After the Storm


Jeff 2My wife Kate and I joined the crowds at Sennen in Cornwall during storm Imogen to watch the great seas march into the cliffs and small harbour. It was very exciting and the atmosphere was filled with an energy that only uncontrollable nature can provide. Then twenty four hours later it had gone and the seas had returned to the normal winter state.

We walked the beach to look at the aftermath which all said and done wasn’t too bad. There were a few feet of railing and granite blocks torn away from the steps to the beach and huge boulders had been thrown around which sooner or later would have to be moved. All fixable.

Jeff 3The sand had been drastically shifted again as it has been all winter, but I suspect if nature does the same as previous years, all the sand will return by mid summer.

Along the beach small piles of fish netting caught my eye and entangled in one of them was a dead Gannet. Very sad to see, but it wasn’t clear how it had died. It may have been caught up in the net while at sea and drowned, or it may well have died some other way and got washed in with the net.

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Jeff 5Then I began to see all the plastic washed up and deposited between the rocks and caught in the shallow tide pools. Bags, bottles, plastic rope, and a host of undetermined synthetic detritus. But there was worse to come and yet not so obvious. Piles of small bits lined what was the high water mark. I always look closely at this stuff to see what little creatures have been stranded in what should be broken and mashed up sea weed. But it wasn’t organic, hardly at all. In fact I guess that around 90% was tiny bits of broken up plastic. This mini plastic waste is now well and truly ensconced into the marine food chain and has become a substantial part of the marine animals lives. Birds, fish, seals, whales, dolphins, all of them. These mini plastic pieces are eaten, clog the intestines and give no Jeff 6nutrition at all. Ultimately the animals starve to death or become so weak that they fall prey to disease or are unable to survive harsh conditions such as the storm we just had. Maybe that is how the Gannet died.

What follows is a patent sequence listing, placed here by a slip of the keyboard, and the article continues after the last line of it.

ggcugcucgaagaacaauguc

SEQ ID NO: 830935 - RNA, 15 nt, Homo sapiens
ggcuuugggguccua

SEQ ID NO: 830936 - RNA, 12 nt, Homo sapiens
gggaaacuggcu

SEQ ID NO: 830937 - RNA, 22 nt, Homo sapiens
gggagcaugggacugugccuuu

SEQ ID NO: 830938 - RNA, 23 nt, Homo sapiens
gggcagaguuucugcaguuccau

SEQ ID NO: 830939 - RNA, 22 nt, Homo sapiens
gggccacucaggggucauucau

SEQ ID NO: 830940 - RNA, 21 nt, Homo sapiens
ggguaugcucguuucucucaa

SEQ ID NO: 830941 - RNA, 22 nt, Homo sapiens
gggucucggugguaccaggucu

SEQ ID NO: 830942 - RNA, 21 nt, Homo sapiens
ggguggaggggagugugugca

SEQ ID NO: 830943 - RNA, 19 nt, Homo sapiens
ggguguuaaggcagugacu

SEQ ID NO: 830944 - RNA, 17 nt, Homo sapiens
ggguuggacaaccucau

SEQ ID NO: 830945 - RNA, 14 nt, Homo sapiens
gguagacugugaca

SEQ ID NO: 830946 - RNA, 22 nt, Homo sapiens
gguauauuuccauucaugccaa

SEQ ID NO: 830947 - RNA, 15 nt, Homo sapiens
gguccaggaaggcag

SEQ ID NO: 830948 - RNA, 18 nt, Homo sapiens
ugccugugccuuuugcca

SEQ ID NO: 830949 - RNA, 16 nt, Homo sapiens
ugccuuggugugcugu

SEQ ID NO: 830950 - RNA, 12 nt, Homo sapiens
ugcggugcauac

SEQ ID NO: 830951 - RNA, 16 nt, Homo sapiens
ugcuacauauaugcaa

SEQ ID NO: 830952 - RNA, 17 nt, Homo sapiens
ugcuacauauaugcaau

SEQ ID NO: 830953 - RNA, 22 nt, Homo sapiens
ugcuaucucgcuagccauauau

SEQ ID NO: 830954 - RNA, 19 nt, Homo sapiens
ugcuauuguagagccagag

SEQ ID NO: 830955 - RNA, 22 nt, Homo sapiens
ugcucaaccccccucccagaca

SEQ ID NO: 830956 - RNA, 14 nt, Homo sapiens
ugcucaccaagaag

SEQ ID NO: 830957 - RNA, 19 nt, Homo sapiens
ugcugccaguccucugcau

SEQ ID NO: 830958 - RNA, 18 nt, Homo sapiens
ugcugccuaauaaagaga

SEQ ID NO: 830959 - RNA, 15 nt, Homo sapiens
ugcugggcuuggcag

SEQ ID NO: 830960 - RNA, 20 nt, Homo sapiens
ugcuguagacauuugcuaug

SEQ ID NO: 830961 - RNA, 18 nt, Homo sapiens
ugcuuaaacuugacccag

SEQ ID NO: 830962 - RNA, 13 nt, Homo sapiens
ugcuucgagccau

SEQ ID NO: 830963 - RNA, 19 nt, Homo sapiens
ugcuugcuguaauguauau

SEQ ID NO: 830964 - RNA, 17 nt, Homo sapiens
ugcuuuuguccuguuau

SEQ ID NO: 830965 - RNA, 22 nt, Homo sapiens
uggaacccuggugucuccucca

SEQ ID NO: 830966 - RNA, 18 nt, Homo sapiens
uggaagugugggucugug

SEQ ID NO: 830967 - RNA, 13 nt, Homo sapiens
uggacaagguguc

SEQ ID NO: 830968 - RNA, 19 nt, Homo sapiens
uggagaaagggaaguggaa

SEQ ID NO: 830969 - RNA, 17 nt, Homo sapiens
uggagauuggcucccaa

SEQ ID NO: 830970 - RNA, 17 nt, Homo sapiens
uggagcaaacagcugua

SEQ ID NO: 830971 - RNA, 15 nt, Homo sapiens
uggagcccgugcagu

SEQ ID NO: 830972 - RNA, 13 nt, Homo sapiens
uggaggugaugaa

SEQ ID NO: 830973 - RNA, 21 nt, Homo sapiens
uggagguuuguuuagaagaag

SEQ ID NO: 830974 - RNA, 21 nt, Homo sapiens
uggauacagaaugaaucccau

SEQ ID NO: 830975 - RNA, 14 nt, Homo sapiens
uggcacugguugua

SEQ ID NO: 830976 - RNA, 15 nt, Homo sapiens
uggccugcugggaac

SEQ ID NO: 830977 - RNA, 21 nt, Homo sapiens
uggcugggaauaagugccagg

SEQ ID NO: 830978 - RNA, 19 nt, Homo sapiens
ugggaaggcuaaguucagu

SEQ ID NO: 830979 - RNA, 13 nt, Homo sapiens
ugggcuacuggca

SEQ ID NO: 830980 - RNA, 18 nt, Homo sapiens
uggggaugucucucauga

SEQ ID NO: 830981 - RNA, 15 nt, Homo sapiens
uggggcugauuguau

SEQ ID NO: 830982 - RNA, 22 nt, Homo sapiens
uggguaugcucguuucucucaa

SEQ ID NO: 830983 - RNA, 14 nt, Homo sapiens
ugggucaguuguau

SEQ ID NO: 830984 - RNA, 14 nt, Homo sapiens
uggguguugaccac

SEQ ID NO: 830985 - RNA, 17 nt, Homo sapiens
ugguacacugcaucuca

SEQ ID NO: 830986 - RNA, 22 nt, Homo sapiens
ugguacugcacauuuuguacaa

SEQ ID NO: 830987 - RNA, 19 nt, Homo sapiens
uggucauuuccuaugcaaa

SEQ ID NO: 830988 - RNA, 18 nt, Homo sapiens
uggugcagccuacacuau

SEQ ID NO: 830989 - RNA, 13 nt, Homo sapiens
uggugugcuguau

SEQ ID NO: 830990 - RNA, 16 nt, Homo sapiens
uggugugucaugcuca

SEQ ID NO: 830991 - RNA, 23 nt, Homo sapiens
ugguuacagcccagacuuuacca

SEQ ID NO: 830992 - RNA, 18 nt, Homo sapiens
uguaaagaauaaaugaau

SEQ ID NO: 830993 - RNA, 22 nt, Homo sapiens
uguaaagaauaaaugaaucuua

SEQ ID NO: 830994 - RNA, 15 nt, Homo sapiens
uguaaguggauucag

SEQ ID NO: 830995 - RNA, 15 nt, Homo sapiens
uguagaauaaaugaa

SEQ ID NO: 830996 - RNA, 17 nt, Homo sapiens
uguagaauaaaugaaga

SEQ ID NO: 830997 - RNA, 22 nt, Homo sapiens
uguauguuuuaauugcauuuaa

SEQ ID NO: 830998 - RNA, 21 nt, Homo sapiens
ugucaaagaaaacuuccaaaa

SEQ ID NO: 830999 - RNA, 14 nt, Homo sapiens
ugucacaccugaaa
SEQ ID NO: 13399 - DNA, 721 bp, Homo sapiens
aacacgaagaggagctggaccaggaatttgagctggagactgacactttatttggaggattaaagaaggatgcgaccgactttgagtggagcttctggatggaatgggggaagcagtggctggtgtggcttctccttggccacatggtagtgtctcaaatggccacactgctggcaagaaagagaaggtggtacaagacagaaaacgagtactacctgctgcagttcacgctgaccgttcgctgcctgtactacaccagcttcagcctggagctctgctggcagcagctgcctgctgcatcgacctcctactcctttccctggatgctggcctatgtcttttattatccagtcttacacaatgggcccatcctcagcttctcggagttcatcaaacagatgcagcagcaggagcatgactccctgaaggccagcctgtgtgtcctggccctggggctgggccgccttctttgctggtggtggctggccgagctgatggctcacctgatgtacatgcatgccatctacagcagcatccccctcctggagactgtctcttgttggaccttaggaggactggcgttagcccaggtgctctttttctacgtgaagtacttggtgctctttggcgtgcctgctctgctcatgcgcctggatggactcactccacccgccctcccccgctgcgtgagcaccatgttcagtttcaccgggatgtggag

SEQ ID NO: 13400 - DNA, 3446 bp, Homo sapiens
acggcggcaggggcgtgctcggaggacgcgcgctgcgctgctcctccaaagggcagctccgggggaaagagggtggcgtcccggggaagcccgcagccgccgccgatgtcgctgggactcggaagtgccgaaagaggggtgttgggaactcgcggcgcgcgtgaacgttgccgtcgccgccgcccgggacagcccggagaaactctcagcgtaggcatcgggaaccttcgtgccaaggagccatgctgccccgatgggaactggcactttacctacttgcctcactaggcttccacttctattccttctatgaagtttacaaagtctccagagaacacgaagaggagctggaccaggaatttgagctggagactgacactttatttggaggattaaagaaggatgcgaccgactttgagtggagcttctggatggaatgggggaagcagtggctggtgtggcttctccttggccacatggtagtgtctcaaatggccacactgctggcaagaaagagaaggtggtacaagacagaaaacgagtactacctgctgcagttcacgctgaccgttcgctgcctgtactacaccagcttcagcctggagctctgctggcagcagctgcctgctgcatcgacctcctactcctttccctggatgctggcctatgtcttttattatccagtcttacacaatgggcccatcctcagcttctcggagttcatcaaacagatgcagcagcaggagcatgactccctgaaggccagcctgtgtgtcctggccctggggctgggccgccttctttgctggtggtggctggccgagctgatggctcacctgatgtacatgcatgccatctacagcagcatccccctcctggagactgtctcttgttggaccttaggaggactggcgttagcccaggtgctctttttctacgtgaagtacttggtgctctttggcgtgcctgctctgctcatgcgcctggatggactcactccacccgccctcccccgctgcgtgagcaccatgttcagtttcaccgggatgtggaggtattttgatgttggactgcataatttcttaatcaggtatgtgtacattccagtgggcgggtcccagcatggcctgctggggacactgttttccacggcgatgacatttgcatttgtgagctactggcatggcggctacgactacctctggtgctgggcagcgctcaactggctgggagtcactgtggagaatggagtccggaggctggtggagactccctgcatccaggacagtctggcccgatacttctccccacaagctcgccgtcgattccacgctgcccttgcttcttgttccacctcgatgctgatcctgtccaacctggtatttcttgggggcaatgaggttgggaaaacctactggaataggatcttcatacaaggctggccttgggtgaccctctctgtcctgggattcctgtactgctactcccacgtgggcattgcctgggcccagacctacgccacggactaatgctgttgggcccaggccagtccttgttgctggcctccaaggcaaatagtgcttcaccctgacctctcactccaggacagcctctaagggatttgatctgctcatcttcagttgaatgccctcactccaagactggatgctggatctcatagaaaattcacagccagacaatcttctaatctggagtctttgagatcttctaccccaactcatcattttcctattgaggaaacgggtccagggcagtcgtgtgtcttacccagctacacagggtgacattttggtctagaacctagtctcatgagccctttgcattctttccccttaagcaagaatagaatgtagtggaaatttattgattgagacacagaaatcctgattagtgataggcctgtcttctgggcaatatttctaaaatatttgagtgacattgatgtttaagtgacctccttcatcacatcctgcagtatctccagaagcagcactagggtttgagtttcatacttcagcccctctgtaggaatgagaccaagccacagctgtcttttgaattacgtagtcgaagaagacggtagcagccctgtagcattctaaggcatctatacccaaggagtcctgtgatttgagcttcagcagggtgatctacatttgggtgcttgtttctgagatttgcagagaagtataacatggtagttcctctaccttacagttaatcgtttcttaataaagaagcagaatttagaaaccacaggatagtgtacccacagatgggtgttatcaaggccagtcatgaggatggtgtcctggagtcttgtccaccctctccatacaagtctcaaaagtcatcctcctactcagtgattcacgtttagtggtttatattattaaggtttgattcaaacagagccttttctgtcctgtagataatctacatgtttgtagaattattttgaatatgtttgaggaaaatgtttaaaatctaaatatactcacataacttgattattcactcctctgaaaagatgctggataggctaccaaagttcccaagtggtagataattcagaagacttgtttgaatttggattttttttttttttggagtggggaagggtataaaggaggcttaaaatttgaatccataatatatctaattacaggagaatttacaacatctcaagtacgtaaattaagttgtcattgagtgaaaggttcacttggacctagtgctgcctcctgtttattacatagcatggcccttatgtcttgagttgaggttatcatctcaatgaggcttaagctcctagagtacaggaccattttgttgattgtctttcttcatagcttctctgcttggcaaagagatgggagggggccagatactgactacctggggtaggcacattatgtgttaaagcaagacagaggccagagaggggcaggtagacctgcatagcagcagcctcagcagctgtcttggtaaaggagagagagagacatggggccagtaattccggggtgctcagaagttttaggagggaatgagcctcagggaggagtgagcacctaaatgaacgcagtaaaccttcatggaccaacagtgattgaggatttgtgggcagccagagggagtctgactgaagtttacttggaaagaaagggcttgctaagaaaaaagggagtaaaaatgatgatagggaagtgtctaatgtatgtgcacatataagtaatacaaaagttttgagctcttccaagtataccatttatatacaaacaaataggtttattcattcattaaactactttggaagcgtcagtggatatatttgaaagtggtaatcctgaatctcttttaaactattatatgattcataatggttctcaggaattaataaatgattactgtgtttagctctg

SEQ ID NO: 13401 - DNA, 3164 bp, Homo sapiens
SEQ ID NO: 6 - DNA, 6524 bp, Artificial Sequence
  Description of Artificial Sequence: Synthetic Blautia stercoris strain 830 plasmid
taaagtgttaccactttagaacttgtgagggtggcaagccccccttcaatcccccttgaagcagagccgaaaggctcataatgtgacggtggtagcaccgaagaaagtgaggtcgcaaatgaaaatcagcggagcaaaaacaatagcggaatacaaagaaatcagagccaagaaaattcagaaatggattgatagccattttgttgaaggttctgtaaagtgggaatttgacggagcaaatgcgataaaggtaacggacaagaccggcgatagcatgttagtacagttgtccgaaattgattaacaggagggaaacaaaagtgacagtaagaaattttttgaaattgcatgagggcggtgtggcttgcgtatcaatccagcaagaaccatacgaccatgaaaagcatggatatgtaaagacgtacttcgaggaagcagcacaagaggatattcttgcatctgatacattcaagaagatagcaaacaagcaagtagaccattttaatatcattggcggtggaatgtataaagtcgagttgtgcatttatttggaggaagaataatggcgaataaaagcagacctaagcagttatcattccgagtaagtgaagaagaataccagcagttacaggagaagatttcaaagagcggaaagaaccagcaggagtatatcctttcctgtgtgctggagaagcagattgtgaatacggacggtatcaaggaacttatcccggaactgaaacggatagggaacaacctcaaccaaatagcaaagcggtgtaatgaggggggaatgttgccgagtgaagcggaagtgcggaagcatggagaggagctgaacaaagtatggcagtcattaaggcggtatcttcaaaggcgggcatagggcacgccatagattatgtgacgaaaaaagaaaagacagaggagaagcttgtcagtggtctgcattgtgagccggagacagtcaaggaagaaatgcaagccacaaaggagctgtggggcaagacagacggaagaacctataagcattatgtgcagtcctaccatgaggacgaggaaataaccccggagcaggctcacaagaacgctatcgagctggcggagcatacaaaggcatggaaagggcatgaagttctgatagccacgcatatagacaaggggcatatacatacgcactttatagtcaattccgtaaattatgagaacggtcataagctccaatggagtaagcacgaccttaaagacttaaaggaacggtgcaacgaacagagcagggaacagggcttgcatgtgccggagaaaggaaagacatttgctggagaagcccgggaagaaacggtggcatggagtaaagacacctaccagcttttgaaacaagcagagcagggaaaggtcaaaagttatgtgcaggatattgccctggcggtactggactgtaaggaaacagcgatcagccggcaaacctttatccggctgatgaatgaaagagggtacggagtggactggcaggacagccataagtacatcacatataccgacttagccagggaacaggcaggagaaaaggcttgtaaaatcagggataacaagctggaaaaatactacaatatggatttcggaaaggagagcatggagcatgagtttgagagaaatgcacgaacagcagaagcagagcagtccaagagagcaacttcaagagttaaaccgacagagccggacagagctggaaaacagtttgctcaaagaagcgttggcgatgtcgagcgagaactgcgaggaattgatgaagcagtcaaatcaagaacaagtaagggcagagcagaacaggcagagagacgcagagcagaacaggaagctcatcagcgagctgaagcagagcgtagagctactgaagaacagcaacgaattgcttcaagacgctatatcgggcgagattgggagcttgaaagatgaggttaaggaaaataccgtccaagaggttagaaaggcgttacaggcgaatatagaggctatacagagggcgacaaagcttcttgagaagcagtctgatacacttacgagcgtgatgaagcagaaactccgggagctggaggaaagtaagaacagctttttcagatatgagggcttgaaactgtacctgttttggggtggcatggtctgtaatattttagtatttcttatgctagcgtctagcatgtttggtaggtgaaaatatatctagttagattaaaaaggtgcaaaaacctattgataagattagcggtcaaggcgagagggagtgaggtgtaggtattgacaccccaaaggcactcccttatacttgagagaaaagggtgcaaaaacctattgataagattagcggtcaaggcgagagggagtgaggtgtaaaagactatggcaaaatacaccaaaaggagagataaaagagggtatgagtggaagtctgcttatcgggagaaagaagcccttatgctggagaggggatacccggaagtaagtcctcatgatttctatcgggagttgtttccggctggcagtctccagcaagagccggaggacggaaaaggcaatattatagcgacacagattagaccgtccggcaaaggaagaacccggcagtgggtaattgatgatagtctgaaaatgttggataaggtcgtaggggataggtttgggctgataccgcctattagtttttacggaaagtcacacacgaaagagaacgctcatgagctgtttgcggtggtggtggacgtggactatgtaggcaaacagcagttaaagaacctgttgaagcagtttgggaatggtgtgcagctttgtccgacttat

Soon, perhaps even on the next high tide, all the plastic and possibly the dead Gannet will be taken back out to sea and so out of mind. But for those animals who live in and on the sea, the plastic won’t disappear so easily.

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Jeff 9While walking back and as I contemplated the waves of plastic still out there, Kate picked up a few bags and a bottle to put in the bin in the car park. It wasn’t much really, but imagine if everybody did the same. Walking along the beach and picking up a few bits of plastic to put away safely. Try it next time you are down by the sea.

If you would like to know more about plastic in our sea visit

Jeff Goodman

Jeff Goodman

Jeff Goodman is the Conservation editor and also the Underwater Videography Editor for Jeff is an award winning TV wildlife and underwater cameraman and film maker. With over 10,000 dives to his credit he has dived in many different environments around the world.

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